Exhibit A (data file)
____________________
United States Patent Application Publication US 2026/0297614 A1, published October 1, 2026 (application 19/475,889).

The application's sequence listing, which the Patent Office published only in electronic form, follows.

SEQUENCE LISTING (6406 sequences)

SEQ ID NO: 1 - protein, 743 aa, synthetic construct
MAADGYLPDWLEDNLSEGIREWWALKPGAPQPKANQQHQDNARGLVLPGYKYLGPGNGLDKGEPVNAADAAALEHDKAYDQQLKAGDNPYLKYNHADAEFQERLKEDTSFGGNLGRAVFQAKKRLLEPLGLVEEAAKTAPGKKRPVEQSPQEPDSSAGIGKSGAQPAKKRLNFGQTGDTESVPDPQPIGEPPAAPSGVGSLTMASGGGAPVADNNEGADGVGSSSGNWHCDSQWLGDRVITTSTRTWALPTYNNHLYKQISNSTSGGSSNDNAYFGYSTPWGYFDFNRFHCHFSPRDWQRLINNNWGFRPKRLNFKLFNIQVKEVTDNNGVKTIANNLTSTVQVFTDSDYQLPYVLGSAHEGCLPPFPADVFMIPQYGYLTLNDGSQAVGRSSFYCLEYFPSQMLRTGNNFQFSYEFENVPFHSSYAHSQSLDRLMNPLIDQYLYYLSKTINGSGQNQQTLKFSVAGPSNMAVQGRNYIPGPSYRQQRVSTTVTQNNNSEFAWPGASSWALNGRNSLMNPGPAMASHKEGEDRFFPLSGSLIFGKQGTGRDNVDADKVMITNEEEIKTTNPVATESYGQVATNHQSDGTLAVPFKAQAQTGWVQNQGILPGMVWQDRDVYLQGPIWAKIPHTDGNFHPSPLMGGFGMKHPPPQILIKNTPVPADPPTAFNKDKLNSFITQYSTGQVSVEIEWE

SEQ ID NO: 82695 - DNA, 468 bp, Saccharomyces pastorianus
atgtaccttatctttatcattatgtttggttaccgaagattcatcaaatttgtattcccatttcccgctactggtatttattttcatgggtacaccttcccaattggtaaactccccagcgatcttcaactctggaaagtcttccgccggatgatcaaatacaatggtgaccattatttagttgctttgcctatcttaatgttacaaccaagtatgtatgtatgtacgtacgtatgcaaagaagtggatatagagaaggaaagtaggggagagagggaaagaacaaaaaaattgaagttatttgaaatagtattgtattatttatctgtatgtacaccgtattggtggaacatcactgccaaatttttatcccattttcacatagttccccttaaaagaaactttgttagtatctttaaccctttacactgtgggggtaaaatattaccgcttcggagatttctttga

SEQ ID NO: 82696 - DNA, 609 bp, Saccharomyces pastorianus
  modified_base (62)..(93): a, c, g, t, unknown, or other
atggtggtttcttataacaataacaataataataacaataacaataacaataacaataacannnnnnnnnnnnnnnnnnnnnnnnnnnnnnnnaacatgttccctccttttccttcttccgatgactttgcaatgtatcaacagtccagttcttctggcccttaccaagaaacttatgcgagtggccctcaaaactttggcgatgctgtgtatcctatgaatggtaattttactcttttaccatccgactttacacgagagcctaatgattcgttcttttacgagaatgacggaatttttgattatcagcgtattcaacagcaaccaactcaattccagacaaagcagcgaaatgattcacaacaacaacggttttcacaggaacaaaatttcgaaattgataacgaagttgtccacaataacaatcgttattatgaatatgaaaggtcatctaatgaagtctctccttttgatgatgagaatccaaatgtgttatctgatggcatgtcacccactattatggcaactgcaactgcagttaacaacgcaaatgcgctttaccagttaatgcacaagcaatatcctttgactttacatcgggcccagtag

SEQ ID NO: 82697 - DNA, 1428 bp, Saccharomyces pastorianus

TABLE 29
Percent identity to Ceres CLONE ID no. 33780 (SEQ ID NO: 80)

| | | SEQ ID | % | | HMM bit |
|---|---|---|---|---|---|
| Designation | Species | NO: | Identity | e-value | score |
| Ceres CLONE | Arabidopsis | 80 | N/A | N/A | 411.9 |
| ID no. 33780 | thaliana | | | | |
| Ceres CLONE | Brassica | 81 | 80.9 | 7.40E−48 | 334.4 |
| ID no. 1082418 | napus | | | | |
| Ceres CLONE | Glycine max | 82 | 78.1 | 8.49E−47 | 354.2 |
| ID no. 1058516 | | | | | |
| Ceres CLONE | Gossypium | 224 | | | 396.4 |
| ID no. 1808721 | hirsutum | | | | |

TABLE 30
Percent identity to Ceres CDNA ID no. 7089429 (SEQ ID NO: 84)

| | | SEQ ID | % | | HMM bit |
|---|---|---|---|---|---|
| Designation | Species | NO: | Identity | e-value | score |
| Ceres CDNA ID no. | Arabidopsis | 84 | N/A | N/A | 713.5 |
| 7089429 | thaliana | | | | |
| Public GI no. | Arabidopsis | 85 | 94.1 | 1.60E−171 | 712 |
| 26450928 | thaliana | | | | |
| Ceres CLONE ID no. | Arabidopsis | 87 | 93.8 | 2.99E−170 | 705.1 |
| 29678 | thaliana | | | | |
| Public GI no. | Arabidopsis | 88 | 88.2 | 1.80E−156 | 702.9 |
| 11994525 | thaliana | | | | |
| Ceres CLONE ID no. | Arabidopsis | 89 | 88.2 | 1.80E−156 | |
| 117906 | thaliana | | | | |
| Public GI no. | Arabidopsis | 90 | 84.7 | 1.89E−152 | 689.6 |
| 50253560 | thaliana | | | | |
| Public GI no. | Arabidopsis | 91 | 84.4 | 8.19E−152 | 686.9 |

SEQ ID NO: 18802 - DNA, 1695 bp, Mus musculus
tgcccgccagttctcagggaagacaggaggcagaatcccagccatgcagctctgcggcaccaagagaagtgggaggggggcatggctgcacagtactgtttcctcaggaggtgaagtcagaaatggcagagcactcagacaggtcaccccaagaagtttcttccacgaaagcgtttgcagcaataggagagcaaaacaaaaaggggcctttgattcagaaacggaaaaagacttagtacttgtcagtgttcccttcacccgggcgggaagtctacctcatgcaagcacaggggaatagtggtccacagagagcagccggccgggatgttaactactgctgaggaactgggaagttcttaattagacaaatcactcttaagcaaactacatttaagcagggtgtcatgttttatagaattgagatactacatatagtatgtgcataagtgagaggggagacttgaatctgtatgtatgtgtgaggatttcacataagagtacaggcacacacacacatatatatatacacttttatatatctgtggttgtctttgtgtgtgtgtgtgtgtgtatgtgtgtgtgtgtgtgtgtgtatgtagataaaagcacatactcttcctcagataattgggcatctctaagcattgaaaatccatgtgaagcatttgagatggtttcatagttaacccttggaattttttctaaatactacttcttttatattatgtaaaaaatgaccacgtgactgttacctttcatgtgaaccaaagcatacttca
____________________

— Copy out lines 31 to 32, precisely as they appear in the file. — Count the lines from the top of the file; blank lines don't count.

| 7089429 | thaliana | | | | |
| Public GI no. | Arabidopsis | 85 | 94.1 | 1.60E−171 | 712 |